(2) a new rule of constitutional law, made retroactive to cases on collateral review by the Supreme Court, that was previously unavailable. See 28 U.S.C. § 2255(h).

Smith has provided no evidence that he has secured this necessary authorization from the Fourth Circuit; therefore this court is without jurisdiction to consider the merits of a successive motion under § 2255. See In re Vial, 115 F.3d 1192, 1194-95 (4th Cir. 1997) (en banc). A "second or successive" petition for relief under § 2255 may not be filed in a district court unless the petitioner first obtains the "gatekeeping" authorization of the court of appeals certifying that the petition conforms to specified statutory requirements. See 28 U.S.C. §§ 2255, 2244(b)(3)(A). The Fourth Circuit first must enter an order authorizing this court to consider the successive filing before this court can examine the merit of his claims. See § 2244(b)(3)(A); Felker v. Turpin, 518 U.S. 651, 664 (1996).

The Fourth Circuit has set forth instructions for the filing of a motion to obtain the aforementioned authorization order. The procedural requirements and deadlines for filing the motion are inclusive. The Clerk shall provide a packet of instructions promulgated by the Fourth Circuit that addresses the procedure to be followed should Smith wish to seek authorization in the appellate court to file a successive § 2255 petition. It is to be emphasized that Smith must file the motion with the Fourth Circuit and obtain authorization to file his successive petition before this court may examine his claims.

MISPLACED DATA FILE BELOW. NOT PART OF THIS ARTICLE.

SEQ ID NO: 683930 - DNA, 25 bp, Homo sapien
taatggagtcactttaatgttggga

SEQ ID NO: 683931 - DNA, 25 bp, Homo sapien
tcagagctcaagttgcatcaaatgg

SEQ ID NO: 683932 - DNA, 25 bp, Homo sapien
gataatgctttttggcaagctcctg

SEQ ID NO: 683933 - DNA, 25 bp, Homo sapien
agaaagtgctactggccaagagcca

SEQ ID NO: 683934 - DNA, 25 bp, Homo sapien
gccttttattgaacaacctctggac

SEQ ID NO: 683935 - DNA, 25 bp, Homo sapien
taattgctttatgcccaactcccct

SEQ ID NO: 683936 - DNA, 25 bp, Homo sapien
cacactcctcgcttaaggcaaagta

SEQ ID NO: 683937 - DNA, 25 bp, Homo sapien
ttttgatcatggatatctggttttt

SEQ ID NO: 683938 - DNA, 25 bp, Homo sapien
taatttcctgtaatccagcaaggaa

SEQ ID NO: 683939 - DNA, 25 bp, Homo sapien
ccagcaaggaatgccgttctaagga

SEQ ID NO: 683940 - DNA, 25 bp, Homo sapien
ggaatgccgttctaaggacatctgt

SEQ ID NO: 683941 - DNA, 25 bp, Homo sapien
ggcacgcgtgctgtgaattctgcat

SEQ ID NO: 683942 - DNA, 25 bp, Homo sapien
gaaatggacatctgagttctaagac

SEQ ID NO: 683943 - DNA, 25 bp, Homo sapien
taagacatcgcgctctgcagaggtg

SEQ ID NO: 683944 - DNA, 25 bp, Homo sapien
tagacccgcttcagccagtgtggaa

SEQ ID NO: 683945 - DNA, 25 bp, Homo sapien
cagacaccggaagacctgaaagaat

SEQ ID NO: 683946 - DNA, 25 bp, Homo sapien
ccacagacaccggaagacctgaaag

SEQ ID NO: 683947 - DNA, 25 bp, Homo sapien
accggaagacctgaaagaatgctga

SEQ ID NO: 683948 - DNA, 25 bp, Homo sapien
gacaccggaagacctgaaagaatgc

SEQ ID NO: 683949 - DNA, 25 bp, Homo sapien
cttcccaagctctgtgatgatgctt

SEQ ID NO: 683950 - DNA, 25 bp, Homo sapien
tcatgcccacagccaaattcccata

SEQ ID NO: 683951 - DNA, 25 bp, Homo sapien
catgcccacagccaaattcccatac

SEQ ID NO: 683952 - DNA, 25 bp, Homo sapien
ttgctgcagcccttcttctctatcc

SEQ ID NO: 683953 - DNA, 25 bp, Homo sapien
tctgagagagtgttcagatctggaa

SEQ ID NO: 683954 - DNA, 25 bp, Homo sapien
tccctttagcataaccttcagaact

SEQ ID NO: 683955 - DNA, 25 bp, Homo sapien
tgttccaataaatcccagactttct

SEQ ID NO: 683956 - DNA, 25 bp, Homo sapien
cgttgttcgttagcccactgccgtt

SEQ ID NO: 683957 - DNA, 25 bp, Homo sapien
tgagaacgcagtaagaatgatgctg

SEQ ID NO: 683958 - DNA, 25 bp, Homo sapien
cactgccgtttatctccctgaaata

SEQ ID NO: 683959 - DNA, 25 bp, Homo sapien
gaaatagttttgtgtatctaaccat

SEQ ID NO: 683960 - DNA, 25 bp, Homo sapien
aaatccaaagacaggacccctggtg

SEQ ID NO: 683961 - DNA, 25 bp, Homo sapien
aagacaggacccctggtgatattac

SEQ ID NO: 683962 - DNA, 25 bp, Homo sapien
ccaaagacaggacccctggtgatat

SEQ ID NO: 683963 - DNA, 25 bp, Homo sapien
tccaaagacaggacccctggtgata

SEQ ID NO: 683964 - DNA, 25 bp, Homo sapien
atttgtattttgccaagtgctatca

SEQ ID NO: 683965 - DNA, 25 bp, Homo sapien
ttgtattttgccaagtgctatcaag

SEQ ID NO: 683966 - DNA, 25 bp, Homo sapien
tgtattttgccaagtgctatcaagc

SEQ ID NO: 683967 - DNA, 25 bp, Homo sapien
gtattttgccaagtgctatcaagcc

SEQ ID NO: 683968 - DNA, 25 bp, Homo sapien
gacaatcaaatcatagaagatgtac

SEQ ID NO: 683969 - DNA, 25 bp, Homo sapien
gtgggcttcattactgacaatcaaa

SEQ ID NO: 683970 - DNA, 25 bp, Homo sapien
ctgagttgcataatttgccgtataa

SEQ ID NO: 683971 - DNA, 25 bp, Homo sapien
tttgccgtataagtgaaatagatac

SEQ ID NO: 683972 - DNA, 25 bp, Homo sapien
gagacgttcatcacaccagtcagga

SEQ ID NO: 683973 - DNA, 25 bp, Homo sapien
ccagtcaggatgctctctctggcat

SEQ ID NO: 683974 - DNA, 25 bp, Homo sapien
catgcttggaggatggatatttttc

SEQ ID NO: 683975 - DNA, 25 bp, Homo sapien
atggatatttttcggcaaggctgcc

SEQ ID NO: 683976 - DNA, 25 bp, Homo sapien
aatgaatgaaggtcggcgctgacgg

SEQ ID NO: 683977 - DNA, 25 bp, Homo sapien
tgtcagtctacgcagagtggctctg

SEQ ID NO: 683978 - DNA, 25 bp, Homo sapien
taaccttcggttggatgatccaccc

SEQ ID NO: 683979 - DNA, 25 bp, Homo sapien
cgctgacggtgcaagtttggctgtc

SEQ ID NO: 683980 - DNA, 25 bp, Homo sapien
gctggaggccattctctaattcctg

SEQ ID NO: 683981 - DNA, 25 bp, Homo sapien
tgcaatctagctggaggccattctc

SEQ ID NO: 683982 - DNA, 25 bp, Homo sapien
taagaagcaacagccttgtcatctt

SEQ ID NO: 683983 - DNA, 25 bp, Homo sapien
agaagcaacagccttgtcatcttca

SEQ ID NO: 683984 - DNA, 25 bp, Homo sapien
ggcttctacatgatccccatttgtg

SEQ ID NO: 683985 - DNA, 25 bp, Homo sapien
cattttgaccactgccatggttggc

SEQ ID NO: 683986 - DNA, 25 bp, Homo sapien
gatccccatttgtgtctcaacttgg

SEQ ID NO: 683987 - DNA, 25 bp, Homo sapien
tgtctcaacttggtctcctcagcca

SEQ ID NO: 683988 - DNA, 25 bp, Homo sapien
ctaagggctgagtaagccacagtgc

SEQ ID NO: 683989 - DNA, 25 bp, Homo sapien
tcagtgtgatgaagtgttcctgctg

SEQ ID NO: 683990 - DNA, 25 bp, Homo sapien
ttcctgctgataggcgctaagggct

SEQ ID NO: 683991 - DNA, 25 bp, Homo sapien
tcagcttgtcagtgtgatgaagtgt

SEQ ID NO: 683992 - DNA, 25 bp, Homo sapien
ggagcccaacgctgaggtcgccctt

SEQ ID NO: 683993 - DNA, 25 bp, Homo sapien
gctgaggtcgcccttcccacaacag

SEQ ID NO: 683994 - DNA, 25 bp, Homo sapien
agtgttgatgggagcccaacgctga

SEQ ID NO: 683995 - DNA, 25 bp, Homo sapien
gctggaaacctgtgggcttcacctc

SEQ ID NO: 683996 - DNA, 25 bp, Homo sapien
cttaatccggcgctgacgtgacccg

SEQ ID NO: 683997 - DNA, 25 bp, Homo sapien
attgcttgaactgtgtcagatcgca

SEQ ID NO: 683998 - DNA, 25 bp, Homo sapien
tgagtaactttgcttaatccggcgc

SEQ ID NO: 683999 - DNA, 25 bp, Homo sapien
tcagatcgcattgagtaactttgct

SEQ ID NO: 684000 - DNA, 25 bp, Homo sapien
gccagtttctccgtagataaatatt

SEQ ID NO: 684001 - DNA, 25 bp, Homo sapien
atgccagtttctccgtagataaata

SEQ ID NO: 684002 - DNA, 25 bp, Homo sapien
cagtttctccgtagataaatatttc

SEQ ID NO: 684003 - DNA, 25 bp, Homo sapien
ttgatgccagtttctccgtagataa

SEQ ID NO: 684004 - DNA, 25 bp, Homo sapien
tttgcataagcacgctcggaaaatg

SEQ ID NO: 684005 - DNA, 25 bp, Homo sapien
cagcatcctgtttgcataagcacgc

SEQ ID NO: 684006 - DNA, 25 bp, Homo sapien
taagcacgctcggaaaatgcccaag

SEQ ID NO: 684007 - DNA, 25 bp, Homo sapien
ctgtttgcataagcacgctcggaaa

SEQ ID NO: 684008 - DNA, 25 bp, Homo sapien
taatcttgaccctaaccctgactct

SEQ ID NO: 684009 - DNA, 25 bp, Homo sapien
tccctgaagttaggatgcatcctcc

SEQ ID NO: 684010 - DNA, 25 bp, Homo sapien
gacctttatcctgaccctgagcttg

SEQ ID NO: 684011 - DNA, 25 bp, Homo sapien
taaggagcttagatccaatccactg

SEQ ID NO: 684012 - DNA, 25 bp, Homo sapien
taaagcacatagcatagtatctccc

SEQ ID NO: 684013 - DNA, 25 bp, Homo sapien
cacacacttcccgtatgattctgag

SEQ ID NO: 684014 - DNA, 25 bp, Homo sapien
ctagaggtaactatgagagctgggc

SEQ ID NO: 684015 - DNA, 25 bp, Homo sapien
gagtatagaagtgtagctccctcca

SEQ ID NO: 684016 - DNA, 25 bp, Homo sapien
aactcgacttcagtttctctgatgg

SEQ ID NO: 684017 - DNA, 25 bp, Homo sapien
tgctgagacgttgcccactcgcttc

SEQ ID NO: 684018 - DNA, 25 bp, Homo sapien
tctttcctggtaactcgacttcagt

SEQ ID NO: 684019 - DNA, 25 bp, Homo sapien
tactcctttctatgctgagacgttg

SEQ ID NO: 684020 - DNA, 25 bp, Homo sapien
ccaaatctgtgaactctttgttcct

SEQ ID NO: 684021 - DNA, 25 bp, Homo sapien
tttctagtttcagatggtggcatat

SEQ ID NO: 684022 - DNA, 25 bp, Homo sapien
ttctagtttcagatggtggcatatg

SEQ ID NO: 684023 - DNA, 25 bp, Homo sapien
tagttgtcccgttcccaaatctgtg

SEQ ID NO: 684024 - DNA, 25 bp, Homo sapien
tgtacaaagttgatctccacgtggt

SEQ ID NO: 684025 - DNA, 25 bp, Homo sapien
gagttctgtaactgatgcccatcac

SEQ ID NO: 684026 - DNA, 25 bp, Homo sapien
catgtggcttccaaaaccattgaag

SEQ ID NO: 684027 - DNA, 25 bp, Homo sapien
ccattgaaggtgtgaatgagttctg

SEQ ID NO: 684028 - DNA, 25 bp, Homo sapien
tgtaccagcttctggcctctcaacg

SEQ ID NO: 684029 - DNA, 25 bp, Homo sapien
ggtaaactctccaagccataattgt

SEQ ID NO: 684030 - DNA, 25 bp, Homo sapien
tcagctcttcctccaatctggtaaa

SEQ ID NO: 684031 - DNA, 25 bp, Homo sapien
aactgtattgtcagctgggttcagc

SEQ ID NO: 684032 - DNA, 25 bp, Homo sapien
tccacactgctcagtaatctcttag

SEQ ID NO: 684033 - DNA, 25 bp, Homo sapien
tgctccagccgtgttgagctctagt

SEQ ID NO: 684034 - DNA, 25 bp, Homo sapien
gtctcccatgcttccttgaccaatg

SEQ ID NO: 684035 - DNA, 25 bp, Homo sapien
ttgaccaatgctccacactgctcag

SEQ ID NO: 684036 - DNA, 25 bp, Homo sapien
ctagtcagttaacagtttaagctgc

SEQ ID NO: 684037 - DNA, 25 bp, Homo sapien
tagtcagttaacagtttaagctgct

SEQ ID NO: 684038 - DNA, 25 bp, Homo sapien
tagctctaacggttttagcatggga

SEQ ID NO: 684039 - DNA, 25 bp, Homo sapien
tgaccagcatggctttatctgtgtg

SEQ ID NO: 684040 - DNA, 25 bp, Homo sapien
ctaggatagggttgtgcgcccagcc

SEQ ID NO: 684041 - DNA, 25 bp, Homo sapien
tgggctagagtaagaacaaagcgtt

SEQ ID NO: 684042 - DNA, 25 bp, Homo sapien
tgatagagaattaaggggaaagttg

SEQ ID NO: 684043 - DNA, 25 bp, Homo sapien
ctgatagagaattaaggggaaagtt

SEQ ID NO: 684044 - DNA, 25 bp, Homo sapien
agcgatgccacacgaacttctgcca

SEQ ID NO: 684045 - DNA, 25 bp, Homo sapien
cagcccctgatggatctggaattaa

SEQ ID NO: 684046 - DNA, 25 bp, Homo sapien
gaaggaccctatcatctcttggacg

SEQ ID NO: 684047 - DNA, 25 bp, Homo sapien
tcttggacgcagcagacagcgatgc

Nor may Smith may rely on the savings clause provision of § 2255(e). Merely because this court has previously denied him relief, does not render the 2255 remedy inadequate. Section 2255 will not be viewed as inadequate or ineffective merely because § 2255 has already been denied, or because a petitioner has been denied permission to file a second or successive § 2255 motion, or because a second or successive § 2255 motion has been dismissed. See United States v. Lurie, 207 F.3d 1075, 1077 (8th Cir. 2000). Indeed, it appears, that the Fourth Circuit has not recognized an entitlement to habeas corpus relief when an inmate challenges his sentence contending that the remedy under § 2255 is inadequate or ineffective. See United States v. Poole, 531 F.3d 263, 267 n. 7 (4th Cir. 2008), ("Fourth Circuit precedent has likewise not extended the reach of the [§ 2255(e)] savings clause to those petitioner's challenging only their sentences. See In re Jones, 226 F.3d 228, 333-34 (4th Cir. 2000) (outlining the circumstances in which "§2255 is inadequate or ineffective to test the legality of a conviction") (emphasis added).) "The remedy provided under Section 2255(e) opens only a narrow door for a prisoner to challenge the validity of his conviction or sentence under Section 2241." Baynes v. Berkebile, 2012 WL 1569563 at *6 (S.D. W.Va.). The fact that relief under §2255 is barred procedurally or under the gatekeeping requirements of §2255 does not render the remedy of § 2255 inadequate or ineffective. In re Jones, 226 F.3d at 332; see also In Re Vial, 115 F.3d 1192, 1194 n.5 (4th Cir. 1997) (that a §2255 action may be unsuccessful, untimely, or successive does not render it an inadquate or ineffective remedy). Otherwise, the rule prohibiting second and successive § 2255 motion, 28 U.S.C. 55(h), would be rendered meaningless. A separate order follows dismissing this motion and closing the civil case.